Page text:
India's Oldest Longevity
According to Ayurveda, Chyawanprash
comes under the category of 'Rasayana' which aims at maintaining
youthfulness, vigor, vitality of the body and keeping away
aging process, senility and debility. It maintains the proper
functioning of the cells and rejuvenates the cells. As such
it also keeps away diseases.
The Rasayanas are mean to impart long, healthy,
disease free life, intelligence, power of memory, youth and luster.
Among all the Rasayanas, Chyawanprash is most useful and famous.
It is the most popular rejuvenating Ayurvedic tonic in India
having a consistency of Jam and consisting of about 35 natural
herbs including Amla (Embellica Officinalis) the richest natural
source of vitamin C. It works on the immune system of the body
protecting body against everyday infections like cough cold and
fever. Thus it is very useful in children, old persons, tubercular
patients and debilitated persons."
I clipped the above quote from an Indian
web site. Obsessing a little here. Those of you who have listened
to the Kitchen Doctor tapes have heard this story:
Long, long ago, there was a sage in India
named Chyawan who lived in a forest. His hair was matted and
he was covered with tree growth after years of meditating in
the same place. A young princess was blindfolded and dancing
in the forest when her hands touched the hair of the sage.
Her father, the king, explained to the sage that it was the
custom in his country that a woman could only touch one man
in her lifetime. He thus requested the sage to marry to daughter.
Chyawan asked if he could have two months to prepare for the
wedding for he wished to be young again so as to afford his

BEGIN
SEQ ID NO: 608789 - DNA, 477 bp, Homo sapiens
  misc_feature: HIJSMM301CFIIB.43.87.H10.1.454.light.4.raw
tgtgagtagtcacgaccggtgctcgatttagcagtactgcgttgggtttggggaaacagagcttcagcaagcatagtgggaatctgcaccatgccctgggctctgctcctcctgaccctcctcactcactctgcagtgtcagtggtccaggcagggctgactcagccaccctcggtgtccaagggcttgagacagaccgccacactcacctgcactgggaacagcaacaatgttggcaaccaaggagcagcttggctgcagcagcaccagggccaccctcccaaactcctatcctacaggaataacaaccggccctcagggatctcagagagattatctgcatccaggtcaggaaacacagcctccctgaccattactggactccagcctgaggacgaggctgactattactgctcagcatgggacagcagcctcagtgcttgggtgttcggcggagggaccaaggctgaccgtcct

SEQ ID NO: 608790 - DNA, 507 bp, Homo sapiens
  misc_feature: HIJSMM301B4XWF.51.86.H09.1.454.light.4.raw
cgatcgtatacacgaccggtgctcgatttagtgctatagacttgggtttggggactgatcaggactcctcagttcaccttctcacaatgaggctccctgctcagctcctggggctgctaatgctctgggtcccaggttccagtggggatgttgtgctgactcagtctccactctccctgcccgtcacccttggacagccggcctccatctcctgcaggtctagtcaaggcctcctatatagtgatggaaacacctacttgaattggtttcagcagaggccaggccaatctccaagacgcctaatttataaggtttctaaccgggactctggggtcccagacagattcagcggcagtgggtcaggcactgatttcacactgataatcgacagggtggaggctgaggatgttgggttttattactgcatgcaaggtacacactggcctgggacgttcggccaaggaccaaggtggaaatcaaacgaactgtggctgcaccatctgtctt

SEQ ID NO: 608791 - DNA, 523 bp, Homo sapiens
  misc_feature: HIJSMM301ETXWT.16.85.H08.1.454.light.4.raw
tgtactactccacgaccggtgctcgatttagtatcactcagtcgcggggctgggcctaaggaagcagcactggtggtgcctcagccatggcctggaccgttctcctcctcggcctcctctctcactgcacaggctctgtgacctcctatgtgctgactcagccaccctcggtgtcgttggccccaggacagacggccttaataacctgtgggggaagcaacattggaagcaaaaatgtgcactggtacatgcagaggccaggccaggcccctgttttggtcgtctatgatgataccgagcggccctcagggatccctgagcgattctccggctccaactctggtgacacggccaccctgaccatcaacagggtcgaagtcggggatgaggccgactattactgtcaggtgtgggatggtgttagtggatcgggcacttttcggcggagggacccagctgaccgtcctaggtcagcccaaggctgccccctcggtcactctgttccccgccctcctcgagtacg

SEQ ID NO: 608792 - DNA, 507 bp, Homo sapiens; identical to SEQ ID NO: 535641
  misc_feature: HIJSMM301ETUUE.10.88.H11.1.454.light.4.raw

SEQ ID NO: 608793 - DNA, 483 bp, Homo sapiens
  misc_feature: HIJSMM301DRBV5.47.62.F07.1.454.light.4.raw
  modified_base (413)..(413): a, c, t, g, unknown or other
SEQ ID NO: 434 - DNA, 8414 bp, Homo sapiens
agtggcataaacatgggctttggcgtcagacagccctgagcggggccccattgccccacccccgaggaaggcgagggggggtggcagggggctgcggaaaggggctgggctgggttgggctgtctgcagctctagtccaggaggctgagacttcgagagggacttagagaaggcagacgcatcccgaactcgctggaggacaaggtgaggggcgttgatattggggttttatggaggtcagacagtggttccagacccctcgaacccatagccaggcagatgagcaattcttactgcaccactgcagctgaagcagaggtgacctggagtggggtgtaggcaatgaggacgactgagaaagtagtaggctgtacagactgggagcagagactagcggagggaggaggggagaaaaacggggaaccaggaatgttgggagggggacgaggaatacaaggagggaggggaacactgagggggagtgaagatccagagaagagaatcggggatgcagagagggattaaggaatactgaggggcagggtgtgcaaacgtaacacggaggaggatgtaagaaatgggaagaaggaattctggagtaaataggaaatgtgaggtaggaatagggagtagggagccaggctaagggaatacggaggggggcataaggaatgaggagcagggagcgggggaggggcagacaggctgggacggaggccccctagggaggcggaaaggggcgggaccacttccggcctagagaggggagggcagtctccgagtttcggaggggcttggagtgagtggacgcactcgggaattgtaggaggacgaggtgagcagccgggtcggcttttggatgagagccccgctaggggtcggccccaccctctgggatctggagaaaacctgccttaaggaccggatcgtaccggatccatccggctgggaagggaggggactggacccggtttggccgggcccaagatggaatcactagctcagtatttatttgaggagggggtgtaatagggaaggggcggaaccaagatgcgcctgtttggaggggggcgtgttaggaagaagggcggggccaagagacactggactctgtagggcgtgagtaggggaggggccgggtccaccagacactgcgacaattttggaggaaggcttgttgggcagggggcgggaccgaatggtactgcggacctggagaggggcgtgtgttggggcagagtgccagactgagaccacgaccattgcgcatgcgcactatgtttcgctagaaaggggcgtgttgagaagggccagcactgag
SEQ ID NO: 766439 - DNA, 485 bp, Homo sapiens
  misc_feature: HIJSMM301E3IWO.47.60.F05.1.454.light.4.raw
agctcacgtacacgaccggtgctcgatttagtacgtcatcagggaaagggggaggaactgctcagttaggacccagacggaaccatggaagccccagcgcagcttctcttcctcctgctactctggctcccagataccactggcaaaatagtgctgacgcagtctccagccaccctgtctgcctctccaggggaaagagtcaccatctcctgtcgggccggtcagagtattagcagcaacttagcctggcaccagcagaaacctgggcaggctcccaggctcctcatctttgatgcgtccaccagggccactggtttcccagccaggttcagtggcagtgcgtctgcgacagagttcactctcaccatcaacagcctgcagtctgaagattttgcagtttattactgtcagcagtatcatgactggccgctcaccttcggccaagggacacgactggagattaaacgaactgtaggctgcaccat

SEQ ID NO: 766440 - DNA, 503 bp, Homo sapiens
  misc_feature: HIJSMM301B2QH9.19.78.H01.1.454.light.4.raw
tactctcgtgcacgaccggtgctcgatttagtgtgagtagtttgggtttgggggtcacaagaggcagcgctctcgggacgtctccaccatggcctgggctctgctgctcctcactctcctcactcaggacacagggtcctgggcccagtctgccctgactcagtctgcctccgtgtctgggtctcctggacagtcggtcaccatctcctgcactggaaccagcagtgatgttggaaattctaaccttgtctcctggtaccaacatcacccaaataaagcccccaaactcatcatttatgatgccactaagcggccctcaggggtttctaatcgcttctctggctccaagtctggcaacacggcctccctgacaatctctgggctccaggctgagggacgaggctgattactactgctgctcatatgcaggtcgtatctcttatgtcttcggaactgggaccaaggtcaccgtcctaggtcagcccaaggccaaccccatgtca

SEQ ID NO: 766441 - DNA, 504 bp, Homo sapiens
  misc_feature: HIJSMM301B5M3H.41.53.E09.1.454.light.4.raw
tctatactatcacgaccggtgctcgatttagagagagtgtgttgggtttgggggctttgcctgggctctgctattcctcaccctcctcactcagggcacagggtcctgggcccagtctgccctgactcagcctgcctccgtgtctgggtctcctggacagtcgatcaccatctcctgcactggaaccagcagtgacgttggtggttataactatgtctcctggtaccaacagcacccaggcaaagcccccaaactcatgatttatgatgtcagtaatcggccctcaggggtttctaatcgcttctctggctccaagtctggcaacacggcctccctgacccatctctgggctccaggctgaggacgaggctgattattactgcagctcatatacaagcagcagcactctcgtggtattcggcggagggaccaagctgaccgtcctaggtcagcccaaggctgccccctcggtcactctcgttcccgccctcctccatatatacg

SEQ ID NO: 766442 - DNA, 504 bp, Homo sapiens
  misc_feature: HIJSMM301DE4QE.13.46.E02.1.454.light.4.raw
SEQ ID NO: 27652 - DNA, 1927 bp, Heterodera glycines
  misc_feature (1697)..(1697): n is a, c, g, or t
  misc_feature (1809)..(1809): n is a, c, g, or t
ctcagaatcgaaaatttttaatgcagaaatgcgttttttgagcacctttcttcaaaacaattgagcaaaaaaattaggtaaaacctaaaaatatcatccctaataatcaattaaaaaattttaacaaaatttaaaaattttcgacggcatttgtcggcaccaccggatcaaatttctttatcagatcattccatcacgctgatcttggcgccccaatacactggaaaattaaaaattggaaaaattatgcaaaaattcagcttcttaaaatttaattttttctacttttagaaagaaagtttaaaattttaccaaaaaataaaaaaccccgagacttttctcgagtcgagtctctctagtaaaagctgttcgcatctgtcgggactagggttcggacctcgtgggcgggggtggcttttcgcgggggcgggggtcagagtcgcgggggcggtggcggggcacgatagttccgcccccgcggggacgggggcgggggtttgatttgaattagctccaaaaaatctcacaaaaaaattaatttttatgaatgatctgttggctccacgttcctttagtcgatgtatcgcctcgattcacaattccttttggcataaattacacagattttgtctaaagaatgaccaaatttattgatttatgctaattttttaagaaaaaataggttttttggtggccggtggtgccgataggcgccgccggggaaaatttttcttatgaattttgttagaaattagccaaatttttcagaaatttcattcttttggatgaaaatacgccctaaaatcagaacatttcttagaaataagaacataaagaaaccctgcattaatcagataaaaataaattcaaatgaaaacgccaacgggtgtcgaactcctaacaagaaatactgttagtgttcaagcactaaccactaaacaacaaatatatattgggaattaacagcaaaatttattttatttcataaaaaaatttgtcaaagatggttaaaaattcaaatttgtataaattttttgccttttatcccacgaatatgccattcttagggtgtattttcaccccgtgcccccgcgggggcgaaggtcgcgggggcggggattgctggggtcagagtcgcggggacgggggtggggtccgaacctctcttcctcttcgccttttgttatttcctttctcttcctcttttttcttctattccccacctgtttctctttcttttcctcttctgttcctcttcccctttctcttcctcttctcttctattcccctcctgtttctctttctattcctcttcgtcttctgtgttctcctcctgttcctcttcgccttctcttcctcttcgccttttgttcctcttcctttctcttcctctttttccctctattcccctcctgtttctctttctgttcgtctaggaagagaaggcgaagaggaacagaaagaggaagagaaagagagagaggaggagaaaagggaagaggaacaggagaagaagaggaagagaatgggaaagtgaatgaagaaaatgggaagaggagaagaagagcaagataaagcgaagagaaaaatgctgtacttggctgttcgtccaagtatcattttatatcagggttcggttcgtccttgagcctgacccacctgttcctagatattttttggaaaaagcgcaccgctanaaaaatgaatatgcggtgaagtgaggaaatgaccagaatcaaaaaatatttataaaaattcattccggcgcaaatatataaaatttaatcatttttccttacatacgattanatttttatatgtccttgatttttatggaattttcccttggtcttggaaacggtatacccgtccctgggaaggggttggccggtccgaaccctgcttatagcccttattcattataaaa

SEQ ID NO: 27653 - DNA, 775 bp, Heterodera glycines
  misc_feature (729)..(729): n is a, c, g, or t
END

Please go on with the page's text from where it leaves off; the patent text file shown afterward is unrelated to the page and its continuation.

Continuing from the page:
wife conjugal bliss. Thereupon, he developed the recipe for
longevity that has remained India's most popular remedy, some
say for 2000 years, others since the times of the Vedas.
Today, there are many recipes for Chyawanprash,
ranging in ingredients from a mere 20 or so herbs and spices
to 70 or 80 ingredients. However, the main ingredient, regardless
of the exact formula is always amla or amalaki,
a tropical gooseberry that is the world's richest source of vitamin
C. It is, moreover, a source that remains stable in storage for
years. The rest of the ingredients vary from regenerative herbs
for the reproductive system such as ashwagandha and shatavari
to spices that aid assimilation and digestion.
In Ayurveda, it is believed that most disease
stems from problems in the digestive system. The Iroquois and
many others share this belief. Ayurveda breaks digestion into
three stages: the stomach, the small intestine, and the large
intestines. Food that is assimilated in the stomach is used very
quickly for the building of fluids, blood and lymph. What is
assimilated in the small intestine affects mainly muscles and
fat; and what is assimilated in the colon is used to regenerate
the skin, bones, hair, nerve sheaths, reproductive fluids, and
brain. Fragility of the bones and senility are thus colon problems
and they are "vata" conditions, derangements of the
air and ether. All proper maintenance requires good digestion
and assimilation; otherwise, worn out tissues will not be regenerated,
i.e. replaced by healthy new tissues.
A "rasayana" is a formula for
just such tissue rejuvenation, and Chyawanprash is the most famous,
and in my opinion, the most effective of these highly esoteric
remedies. Moreover, it has been so thoroughly studied that it
is legal to market Chyawanprash as an antioxidant, the best that
has ever been researched in modern laboratories.
So, what I have been doing for years is
trying various Chyawanprash concoctions. I used to import one
from India produced by a lovely lady doctor named Smita Naram.
It was expensive because she used fresh amla. I tried making
my own for a while (with dry amla but the amount of honey needed
to deal with the sourness of the amla was intimidating.) I later
used a brand recommended by David Frawley. It was quite sattvic,
i.e., a little sweeter than some versions and not as spicy. For
the last couple of years, we have been carrying a nicely packaged
brand which is the same old Dabur in fancier containers. Yesterday,
I tried three versions of the Banyan Botanicals brand. They do
what everyone should have been doing for thousands of years.
They are making one especially for those with pitta derangements
that is not quite as spicy as the one for vata and kapha derangements.
I personally prefer the taste and texture of the pitta formula
but I'm a fire type. Then, they make a third one with a mixture